Raspberry Pi NAS and Samba
Raspberry Pi 4 introduced improved throughput on the Ethernet port, taking it up to full-fat Gigabit speeds. So it’s perhaps no surprise that building a super-fast NAS (network attached storage) drive was top of the wish-list for many a Raspberry Pi owner.
Given the popularity of NAS, it’s little surprise to see How to set up Samba also take a top spot on our yearly tutorial list. It’s easy to use a Raspberry Pi as a Samba file server where you can store backups and share files from all the other computers on your network.
SSH and VNC
SSH (also known as ‘Secure Shell’) is an encrypted networking technology that enables you to manage computers from the command line over a network. It’s a technology that many users are unfamiliar with, until they get a Raspberry Pi and want to get into it from another computer on their network. Our How to setup SSH tutorial gets newbies up and running.
While SSH is from the command line, VNC enables you to access your Raspberry Pi desktop remotely. Our VNC: Remote access a Raspberry Pi tutorial was another big-hitter in 2019.
How to build a Carputer (car computer)
And now we’re into the biggest project of 2019. How to build a Carputer (car computer) with your Raspberry Pi and touchscreen. Raspberry Pi makes a fantastic car computer, thanks to its small footprint and fast processing power: it’s better than many computers found in commercial cars.
Build a Raspberry Pi cluster computer
Cluster computing is one of the most modern programming techniques around. There’s strength in numbers and some of the world’s most powerful computers are built of hundreds, in not thousands, of inexpensive systems.
PJ Evan’s Build a Raspberry Pi cluster computer tutorial shows you how to link up four Raspberry Pi boards to build a powerful cluster. This can be used to create a more powerful server (such as the one running this website) or used to learn cluster computing programming techniques.
Cluster computing is a reasonably niche activity, but our readers are a pretty clever bunch so we’re going to hope many of them find a use for this.
The Interactive tabletop RPG table
Plunder dungeons and slay dragons in digital style with this simple TV conversion project for all your role-playing game needs. The MagPi magazine’s very own Rob Zwetsloot built this touchscreen RPG companion device, and it turns out a lot of readers want to build one too.
Steam Link on Raspberry Pi
Gamers rejoiced when Steam released Steam Link. This software enables you to turn a Raspberry Pi into a streaming console, enabling you to play PC games remotely. The games run on PC, and are typically streamed to a Raspberry Pi sitting underneath a television. Our Steam Link tutorial shows you how to set up Steam Link on a Raspberry Pi 4.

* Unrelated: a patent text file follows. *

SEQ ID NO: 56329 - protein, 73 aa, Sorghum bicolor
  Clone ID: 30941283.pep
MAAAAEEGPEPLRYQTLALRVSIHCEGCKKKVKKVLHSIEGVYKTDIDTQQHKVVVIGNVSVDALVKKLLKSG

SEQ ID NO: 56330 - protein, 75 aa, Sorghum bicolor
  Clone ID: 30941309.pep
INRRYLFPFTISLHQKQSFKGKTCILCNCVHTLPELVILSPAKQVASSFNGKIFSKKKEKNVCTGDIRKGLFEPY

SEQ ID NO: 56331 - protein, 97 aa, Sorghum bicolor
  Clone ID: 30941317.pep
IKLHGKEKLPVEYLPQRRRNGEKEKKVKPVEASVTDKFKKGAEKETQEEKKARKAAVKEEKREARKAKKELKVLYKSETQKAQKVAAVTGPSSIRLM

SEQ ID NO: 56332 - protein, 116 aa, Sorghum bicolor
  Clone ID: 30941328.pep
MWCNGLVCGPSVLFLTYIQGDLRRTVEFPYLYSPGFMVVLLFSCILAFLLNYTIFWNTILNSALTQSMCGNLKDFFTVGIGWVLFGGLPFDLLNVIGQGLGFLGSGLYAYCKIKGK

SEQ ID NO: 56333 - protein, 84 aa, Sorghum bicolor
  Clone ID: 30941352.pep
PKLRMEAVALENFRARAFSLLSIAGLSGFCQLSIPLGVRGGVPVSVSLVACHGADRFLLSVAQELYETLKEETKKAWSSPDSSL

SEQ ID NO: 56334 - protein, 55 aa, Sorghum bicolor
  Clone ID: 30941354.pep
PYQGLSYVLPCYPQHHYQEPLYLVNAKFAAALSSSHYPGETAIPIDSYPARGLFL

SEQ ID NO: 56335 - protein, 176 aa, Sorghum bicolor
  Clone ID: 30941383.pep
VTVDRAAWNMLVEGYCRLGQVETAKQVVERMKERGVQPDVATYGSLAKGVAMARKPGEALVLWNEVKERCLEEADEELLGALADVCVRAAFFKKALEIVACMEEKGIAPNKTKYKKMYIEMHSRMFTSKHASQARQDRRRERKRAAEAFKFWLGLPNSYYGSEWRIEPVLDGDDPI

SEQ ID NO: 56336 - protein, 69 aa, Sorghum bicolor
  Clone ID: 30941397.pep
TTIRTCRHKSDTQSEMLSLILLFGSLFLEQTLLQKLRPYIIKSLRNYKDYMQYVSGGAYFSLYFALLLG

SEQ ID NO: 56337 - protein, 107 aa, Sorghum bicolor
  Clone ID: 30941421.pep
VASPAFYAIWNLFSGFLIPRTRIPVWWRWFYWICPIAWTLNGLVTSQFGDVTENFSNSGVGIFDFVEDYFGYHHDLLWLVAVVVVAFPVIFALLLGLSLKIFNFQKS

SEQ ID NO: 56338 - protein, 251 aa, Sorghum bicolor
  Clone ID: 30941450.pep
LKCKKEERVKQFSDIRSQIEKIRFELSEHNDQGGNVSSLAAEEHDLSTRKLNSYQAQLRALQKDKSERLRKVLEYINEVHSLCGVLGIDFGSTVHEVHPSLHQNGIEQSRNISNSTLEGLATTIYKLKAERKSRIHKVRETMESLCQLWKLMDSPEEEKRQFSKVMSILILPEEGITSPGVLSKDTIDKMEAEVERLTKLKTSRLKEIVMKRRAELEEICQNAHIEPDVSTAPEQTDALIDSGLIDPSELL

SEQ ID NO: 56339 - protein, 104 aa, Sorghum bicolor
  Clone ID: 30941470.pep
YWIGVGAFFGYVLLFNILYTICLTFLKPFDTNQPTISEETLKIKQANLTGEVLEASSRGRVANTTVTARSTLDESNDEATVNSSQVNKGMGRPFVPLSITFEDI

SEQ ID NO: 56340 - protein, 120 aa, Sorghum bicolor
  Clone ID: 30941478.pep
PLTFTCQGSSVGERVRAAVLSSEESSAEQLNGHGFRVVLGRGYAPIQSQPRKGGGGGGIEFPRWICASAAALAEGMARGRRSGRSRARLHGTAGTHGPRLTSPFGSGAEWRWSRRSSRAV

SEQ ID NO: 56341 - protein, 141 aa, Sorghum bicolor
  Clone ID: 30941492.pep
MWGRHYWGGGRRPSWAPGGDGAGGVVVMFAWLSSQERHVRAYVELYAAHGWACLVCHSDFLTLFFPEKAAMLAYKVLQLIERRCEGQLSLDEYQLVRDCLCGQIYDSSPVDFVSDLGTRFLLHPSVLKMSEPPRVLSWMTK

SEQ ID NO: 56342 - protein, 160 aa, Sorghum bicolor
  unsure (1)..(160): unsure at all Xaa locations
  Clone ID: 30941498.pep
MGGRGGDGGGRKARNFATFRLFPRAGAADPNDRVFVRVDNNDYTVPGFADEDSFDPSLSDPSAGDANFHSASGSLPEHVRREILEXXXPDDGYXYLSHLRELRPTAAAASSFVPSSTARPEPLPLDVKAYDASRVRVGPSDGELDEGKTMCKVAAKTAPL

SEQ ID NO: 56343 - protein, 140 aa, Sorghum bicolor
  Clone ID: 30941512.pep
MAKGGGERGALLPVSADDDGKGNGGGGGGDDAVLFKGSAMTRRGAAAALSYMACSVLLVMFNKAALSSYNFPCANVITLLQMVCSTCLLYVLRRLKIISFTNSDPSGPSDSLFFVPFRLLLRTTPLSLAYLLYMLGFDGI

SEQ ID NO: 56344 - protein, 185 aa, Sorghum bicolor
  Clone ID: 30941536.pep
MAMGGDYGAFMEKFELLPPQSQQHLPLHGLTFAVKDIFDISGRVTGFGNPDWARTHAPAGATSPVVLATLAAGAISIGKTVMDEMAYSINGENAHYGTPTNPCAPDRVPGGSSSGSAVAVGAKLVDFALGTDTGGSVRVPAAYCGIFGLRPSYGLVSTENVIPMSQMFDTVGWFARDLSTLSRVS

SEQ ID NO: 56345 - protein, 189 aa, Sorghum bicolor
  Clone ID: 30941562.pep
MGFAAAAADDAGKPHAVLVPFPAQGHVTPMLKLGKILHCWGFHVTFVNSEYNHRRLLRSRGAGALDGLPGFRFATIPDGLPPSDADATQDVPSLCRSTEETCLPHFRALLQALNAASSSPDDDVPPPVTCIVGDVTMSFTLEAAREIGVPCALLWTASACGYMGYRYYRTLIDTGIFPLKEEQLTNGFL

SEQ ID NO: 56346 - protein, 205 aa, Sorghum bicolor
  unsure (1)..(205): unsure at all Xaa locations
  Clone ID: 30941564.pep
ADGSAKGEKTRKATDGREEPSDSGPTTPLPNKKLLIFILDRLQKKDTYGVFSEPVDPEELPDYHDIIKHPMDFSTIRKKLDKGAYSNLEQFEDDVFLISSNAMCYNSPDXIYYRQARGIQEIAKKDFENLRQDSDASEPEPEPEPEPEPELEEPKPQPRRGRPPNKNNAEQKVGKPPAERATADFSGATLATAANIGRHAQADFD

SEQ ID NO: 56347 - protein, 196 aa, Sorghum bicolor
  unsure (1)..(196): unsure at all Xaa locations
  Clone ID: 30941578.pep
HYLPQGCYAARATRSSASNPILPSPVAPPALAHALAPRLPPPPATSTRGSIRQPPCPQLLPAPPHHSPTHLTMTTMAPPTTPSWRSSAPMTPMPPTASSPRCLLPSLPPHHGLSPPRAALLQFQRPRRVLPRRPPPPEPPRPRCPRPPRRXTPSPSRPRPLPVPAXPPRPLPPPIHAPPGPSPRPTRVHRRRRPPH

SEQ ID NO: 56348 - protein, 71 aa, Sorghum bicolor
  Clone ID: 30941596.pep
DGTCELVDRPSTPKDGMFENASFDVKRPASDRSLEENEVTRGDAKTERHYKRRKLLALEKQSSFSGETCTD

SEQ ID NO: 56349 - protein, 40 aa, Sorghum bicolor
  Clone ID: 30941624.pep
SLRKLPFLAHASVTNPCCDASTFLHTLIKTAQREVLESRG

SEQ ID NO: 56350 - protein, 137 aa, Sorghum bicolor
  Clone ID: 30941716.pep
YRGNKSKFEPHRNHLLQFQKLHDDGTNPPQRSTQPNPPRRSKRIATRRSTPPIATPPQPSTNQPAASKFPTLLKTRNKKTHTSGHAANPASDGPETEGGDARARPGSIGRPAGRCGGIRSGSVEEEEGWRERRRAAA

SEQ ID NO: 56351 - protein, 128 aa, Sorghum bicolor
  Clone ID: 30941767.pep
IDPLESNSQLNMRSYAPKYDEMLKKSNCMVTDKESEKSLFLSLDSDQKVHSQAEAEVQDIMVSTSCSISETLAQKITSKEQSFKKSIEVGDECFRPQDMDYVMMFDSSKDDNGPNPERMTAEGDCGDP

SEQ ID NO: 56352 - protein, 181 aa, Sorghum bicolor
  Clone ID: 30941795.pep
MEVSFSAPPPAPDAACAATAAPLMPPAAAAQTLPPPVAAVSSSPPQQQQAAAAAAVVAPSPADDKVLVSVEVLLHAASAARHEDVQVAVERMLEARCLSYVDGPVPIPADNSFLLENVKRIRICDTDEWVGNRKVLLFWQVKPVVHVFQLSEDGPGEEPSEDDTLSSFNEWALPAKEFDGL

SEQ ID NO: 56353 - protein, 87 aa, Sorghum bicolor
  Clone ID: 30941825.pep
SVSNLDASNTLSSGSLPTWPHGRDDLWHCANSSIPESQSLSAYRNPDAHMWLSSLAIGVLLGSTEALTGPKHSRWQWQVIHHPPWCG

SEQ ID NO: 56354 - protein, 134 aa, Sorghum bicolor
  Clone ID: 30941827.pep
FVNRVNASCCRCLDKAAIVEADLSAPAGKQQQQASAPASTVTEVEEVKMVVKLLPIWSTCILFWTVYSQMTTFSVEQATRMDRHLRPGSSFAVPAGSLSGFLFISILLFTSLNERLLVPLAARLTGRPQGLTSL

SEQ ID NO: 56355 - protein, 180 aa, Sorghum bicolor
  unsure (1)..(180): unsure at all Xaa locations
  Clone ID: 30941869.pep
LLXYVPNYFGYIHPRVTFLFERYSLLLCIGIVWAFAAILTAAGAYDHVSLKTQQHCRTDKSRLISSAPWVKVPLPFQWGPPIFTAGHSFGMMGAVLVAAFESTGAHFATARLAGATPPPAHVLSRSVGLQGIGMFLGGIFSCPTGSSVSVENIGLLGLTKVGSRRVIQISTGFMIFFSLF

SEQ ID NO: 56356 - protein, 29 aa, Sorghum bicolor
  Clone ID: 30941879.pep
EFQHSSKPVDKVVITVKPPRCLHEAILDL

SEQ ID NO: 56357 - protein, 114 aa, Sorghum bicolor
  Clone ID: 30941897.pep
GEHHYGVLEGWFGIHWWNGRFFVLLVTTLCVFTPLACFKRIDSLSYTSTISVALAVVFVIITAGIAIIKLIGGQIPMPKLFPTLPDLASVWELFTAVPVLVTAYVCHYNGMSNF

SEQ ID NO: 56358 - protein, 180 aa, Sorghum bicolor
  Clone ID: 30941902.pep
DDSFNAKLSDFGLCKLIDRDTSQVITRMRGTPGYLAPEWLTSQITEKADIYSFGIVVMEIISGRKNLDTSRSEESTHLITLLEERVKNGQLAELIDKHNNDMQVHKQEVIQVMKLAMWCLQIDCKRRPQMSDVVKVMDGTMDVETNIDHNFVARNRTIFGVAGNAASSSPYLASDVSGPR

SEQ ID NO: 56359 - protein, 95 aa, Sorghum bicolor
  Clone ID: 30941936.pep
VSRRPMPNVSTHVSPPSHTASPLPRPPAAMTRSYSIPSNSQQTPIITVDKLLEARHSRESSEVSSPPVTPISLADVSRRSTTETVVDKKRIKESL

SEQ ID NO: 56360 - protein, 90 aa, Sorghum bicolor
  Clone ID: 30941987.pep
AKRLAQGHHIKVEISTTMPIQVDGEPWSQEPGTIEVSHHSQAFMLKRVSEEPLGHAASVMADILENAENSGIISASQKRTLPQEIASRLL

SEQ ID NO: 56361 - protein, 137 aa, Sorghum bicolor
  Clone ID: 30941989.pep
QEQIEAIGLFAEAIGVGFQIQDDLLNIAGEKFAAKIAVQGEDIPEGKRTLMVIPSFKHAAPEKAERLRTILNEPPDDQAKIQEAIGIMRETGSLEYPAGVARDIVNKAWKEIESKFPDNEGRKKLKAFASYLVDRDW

Code Pac-Man in Python
It’s one of the most famous games ever made, and Pac-Man in Python is a great learning tool. It’s no surprise that many gamers want to recreate games in Python and our sister magazine, Wireframe recently released a whole book – Code the Classics – dedicated to just that.
Code your own Pac-Man game in Python
ANPR: Car Spy Raspberry Pi
Automatic number plate recognition is used by the police to match cars against a huge database. We don’t have that database, but OpenCV can be used to detect car number plates and detect your own car. It wasn’t long ago that ANPR technology was extremely expensive to purchase, and Raspberry Pi makes it available to everybody. And our ANPR: Car Spy Raspberry Pi project certainly seems to have sparked some interest.
Our target. The software does a great job of recognising number-plates from different heights and angles
Build a Raspberry Pi telephone exchange
Transform your humble home phone line into a feature-packed PBX (private telephone exchange) with Raspberry Pi and Asterisk. Many readers might just want to experiment with telephone exchange technology at home, but there’s a good business case for learning how to do this: professional PBX systems cost thousands of pounds.
Build a VoIP Telephone Exchange with Raspberry Pi
The ZX Spectrum Next
ZX Spectrum Next has been in development for quite some time, but has only been on our website for a few weeks. In that time it’s become one of the biggest stories of the year. David Crookes investigated the development of the ZX Spectrum Next computer with a FPGA (field programmable gate array) using Raspberry Pi Zero as an extender to act as a virtual tape drive, sound interface and 3D graphics enhancer.